At his initial press conference as president- elect on Nov. 7, Obama repeated the mantra that “the country has only one president at a time.” Crashing financial markets and the impending “Great Recession” — or worse — changed his attitude.

A good case can be made that George W. Bush will go down in history as another Herbert Hoover, but if Obama means to be FDR, at least he’s starting early.

The case for Bush as Hoover is this: Bush’s carelessness about deficit spending and doubling of the national debt created a nationwide atmosphere of fiscal irresponsibility, leading to over-leveraging (that is, massive debt accumulation) by investment banks, homeowners and consumers.

Bush maintained a hands-off attitude as the housing bubble expanded to the bursting point, as banks invested in impossible-to-understand mortgage-backed securities and rating agencies slapped triple-A ratings on all of them.

Bush and Treasury Secretary Henry Paulson have been un-Hoover-like in expanding government power to rescue the financial industry — Wall Street — but have been reluctant to adopt similarly aggressive policies to deal with the “Main Street” effects, including unemployment and home foreclosures.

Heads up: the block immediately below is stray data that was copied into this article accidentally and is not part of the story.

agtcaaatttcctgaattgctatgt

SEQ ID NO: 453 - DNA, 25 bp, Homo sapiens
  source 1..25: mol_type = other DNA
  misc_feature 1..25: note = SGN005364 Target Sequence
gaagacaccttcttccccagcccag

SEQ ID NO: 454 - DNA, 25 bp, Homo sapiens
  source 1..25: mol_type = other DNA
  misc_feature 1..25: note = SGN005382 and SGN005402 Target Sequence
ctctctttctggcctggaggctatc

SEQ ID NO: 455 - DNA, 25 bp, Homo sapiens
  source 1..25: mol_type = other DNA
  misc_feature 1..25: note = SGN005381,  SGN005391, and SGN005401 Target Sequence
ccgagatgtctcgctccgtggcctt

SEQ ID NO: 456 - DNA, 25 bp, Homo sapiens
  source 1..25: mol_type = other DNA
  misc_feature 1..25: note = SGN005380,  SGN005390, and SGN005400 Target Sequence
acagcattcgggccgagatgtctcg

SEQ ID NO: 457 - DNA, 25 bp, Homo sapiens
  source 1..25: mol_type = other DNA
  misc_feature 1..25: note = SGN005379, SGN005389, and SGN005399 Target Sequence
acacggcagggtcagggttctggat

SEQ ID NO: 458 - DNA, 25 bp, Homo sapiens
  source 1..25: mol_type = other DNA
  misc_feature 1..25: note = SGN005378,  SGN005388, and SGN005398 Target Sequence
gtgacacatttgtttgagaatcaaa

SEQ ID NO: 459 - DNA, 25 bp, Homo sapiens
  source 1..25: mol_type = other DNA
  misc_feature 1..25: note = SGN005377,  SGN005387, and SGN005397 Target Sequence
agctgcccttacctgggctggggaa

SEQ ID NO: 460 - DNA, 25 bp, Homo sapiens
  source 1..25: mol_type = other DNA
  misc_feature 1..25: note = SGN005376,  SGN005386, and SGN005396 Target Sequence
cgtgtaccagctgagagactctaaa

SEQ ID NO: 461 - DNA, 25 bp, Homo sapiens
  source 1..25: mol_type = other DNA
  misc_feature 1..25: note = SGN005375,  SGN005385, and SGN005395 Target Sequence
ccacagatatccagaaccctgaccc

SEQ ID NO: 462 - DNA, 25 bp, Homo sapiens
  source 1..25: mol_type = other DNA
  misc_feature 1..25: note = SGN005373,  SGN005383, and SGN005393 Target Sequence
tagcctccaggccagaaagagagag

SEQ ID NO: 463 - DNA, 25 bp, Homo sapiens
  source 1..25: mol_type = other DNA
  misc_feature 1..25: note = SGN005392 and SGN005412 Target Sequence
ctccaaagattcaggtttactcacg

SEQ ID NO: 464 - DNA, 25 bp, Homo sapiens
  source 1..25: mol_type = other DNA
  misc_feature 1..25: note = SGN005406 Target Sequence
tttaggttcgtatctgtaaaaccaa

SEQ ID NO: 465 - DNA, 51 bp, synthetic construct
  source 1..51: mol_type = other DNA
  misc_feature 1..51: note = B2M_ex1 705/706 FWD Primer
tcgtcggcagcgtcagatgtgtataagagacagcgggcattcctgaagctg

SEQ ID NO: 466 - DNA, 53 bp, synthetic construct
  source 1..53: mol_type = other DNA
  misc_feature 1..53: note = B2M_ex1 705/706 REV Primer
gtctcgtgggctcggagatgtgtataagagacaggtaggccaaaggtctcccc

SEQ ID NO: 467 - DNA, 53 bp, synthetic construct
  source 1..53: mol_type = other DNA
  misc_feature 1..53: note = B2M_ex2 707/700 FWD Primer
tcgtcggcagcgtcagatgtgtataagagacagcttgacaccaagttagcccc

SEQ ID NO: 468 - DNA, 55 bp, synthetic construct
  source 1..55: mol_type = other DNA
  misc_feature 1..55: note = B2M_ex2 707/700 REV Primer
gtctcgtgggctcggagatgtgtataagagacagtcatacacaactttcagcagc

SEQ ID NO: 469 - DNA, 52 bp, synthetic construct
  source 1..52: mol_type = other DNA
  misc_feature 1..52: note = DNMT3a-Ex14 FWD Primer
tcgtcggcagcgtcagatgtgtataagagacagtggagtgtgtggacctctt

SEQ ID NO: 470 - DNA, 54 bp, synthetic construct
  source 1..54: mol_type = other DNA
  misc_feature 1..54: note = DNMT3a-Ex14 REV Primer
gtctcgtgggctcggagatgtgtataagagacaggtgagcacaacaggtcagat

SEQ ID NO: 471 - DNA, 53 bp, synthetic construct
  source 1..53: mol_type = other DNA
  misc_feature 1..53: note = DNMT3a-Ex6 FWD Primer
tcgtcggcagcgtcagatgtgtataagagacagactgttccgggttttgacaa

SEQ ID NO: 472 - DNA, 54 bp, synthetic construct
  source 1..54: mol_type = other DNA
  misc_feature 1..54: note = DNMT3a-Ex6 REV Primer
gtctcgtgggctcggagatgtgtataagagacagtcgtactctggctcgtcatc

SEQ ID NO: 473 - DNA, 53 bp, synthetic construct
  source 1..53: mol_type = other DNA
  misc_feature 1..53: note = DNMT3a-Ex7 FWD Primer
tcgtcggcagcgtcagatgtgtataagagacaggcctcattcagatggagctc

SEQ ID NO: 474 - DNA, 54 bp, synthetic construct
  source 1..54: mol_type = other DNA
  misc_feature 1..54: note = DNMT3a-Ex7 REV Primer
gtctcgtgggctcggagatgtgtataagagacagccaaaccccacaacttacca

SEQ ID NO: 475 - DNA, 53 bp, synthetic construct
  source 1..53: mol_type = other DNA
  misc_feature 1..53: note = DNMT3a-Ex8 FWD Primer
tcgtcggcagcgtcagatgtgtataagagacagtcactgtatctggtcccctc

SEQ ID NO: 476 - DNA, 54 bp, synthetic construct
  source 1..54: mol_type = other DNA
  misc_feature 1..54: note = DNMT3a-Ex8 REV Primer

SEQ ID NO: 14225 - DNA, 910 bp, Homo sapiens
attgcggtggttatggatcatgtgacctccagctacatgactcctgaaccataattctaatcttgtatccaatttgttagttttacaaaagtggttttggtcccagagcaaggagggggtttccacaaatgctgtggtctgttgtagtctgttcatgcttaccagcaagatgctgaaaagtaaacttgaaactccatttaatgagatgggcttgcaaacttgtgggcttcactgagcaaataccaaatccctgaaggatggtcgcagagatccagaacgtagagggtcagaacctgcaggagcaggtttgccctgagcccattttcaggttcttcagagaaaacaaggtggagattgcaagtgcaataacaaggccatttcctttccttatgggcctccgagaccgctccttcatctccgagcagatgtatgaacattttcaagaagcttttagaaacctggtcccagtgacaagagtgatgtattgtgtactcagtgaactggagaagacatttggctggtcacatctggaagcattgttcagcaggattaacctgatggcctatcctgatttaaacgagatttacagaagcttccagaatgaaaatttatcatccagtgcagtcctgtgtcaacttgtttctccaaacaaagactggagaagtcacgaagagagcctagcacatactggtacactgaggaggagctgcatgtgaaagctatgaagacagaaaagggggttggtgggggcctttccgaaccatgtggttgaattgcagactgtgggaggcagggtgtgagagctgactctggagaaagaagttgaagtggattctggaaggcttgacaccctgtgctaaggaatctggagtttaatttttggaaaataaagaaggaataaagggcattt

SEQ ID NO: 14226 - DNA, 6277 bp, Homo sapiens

For unexplained reasons, the Bush administration also has refused to adopt solutions backed by Sen. John McCain (R-Ariz.) during his presidential campaign — revising the “mark to market” accounting rule and limiting “short-selling” by speculators, both of which are depressing bank stocks.

As Rep. Mark Kirk (R-Ill.) and former McCain policy adviser Douglas Holtz-Eakin told me in interviews, banks are forced by mark to market rules to value their securities at zero if no one will buy them even though they are based upon mortgages that are being paid on schedule. That rule came into effect in 1997, so eliminating it — and evaluating securities on the basis of a property’s “intrinsic value” — would immediately bolster the banks. Also, reinstating the “uptick rule,” whereby a stock can’t be “shorted” unless it has previously risen, would discourage speculators from driving down prices.

If Bush won’t do anything about those policies, Obama should, along with passing a huge new stimulus package including infrastructure spending and middle-class tax cuts.

As a pragmatist, Obama is signaling that he won’t raise taxes on rich people immediately — though he wants to for “fairness” reasons — but he should just declare that policy to spur investment.

And when it comes to infrastructure, Obama should encourage private investment as well as public. Besides roads and bridges, he should encourage wind farms, solar panels — and nuclear plants and offshore oil rigs.

The basis of Jones’ case is that the United States will be heavily dependent upon fossil fuels for the next 20 years, until not-yet-mature alternative sources and conservation methods are developed.

The pragmatic thing for Obama to do is “do what works” in energy as well as the economy.